If you permit yourself to glance at the fixture list you’ll see reasons for optimism.  The fact remains that we’ve won once in three months and that other corpses around us are stirring too.  This is still a big ask.  But if you were going to set up a great escape you could do worse than plan six of seven remaining home games being against teams in the bottom half.  Not to mention the next two games being against opponents in the same sort of precarious introspection that we found Villa in today.  That guarantees nothing.

But it gives us a shout.  See you Wednesday…

 Yoooorns.

Foster 4, Femenía 3, Kamara 4, *Cathcart 5*, Samir 4, Louza 5, Sissoko 4, Cleverley 4, Sarr 3, Dennis 3, King 3
Subs: Sema (for Dennis, 86) NA, Kabasele (for Cathcart, 93) NA, Hernández (for Sarr, 94) NA, Kalu, Kayembe, Troost-Ekong, Masina, Ngakia, Bachmann

Watford 0 Brighton & Hove Albion 2 (12/02/2022) 13/02/2022

Posted by Matt Rowson in Match reports.
19 comments

1-

‘Well, master, we’re in a fix and no mistake,’ said Sam Gamgee.  He stood despondently with hunched shoulders beside Frodo, and peered out with puckered eyes into the gloom.

It was the third evening since they had fled from the Company, during which they had almost lost count of the hours during which they had climbed and laboured among the barren slopes and stones of the Emyn Muil, sometimes retracing their steps because they could find no way forward, sometimes discovering that they had wandered in a circle back to where they had been hours before.  Yet on the whole they had worked steadily eastward, keeping as near as they could find a way to the outer edge of this strange twisted knot of hills.  But always they found its outward faces sheer, high and impassable, frowning over the plain below; beyond its tumbled skirts lay livid festering marshes where nothing moved and not even a bird was to be seen.

The Two Towers, JRR Tolkien

2- You’ll have spotted the intended parallels, perhaps.  Frodo and Sam are wandering around in circles in a shapeless, joyless land sometimes wondering whether they’re re-treading their footsteps and finding their confidence and energy sapped.  Similarly, it’s difficult to remain positive in the face of three months without a win, an ever darkening league table and no clear path out of the remorselessly hostile terrain that we find ourselves in.  Having missed Newcastle I haven’t seen us score in the League since Emmanuel Dennis found the net against West Ham in the last game of last year.  That didn’t end well, either.

Nor does it help, I think, that the in-stadium support has effectively been exposed to consecutive seasons of Premier League struggle, the first ending in relegation and the second pointed squarely in that direction.  It’s been a while, the Cup Semi-Final against Wolves arguably, since we had a successful team to watch in person and that affects your habits as much as your mood. Irrespective of whether the team is “good enough”, we’re going to games mentally on the defensive.  This much was evident when, towards the end of the first half at which point we were labouring but still level the blameless Ben Foster turned to the Rookery with the play upfield and waved his arms hopefully, encouragingly, to be met by a murmur.  That’s not a criticism of anyone, it’s just where we are.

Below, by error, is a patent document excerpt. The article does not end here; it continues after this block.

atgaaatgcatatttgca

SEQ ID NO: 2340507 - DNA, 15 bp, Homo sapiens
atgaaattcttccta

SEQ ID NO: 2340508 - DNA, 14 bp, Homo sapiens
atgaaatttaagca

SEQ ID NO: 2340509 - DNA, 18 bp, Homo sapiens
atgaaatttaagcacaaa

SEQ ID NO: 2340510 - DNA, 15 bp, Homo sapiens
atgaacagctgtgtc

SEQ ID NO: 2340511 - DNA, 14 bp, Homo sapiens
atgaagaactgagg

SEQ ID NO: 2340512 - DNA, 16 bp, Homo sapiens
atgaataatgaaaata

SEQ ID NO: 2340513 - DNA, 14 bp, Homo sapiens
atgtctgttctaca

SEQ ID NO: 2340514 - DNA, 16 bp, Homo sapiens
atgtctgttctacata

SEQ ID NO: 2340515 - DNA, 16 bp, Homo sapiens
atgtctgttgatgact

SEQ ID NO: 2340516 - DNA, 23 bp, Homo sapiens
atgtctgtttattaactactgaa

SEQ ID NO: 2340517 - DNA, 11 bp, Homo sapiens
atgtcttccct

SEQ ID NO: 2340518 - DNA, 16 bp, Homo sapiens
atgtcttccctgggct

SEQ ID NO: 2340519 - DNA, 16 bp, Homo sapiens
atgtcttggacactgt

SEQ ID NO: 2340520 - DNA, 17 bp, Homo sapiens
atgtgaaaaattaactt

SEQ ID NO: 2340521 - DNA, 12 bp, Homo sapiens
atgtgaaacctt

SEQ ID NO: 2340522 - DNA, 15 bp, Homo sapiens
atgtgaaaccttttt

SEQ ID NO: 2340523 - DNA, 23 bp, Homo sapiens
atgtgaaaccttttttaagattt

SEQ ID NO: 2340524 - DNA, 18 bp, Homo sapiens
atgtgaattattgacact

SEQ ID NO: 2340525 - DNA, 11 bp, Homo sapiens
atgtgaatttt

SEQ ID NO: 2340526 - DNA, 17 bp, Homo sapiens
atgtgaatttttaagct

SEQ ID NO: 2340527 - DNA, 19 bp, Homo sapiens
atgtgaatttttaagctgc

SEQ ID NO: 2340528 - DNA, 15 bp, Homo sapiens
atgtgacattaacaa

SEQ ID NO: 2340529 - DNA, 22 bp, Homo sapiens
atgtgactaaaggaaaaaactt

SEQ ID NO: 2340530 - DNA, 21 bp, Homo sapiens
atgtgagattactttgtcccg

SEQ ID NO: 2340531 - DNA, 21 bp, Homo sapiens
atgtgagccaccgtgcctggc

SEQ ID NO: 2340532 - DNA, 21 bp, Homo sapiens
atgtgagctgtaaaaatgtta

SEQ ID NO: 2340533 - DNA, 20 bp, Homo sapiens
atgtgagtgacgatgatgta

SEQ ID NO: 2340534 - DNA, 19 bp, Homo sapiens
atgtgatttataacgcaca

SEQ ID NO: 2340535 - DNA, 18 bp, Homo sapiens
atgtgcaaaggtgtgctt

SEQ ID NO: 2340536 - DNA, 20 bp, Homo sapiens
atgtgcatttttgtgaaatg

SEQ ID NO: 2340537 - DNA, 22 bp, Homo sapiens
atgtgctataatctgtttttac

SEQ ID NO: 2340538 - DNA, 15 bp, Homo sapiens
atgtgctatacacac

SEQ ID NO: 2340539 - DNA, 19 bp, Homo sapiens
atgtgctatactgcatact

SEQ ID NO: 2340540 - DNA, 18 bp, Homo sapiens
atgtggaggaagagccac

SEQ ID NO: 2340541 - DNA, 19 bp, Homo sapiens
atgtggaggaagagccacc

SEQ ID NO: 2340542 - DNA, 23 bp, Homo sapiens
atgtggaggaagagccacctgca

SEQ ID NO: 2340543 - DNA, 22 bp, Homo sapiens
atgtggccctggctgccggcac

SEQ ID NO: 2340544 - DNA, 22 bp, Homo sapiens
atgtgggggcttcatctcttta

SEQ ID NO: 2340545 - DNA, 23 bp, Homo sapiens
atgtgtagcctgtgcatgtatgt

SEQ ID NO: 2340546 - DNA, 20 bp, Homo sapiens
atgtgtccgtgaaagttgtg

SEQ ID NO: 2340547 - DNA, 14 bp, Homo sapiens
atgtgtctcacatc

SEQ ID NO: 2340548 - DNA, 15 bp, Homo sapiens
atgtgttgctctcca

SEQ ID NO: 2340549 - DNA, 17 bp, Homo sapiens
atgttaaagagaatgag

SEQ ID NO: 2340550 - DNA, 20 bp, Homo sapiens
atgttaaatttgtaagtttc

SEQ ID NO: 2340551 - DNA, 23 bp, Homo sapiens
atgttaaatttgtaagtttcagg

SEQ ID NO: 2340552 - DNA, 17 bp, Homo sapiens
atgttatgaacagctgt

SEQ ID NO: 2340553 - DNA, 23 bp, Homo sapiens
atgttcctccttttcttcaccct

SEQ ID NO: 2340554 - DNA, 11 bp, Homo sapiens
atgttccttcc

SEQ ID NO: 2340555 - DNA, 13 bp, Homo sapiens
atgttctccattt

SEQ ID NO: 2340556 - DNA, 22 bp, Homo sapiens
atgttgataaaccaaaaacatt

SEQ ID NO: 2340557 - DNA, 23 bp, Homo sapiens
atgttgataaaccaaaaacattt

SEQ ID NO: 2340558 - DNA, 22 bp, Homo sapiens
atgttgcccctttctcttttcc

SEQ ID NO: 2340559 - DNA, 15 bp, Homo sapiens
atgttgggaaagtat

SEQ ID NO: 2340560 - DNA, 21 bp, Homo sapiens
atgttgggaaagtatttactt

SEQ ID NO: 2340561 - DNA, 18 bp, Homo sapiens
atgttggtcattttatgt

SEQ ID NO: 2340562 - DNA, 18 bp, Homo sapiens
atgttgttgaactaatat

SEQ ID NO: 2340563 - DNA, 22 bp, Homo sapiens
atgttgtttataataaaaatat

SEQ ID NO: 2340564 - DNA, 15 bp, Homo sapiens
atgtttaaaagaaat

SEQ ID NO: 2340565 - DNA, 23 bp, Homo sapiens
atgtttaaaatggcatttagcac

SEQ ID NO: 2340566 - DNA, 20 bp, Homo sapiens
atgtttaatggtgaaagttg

3- For all that West Ham had been another strikeout at a largely unlikeable venue I thoroughly enjoyed Tuesday night.  No, we weren’t quite good enough in the end but it was an improvement on Burnley’s improvement – if defensive stakes were first planted at Turf Moor then here was some evidence that we could still threaten too.  And yes, Jarrod Bowen should have been denied the space to have his shot but it was still a fluke, the sort of miserable fluke that goes in when you’re where we are.  West Ham hadn’t been afforded many such chances.

I’d much rather have had the time to report on that one than this one.  It’s always tempting to be introspective of course; we should acknowledge that Brighton were a lot brighter, more comfortable, more positive than West Ham had been and hence a bigger threat.  One of the main reasons that we were only just about getting away with it in the first half until we didn’t was that the Seagulls attacked with verve and purpose.  Worth also remembering that the same scoreline in Sussex at the start of the season concealed a Watford performance far less able to withstand our opponents’ pressing than here.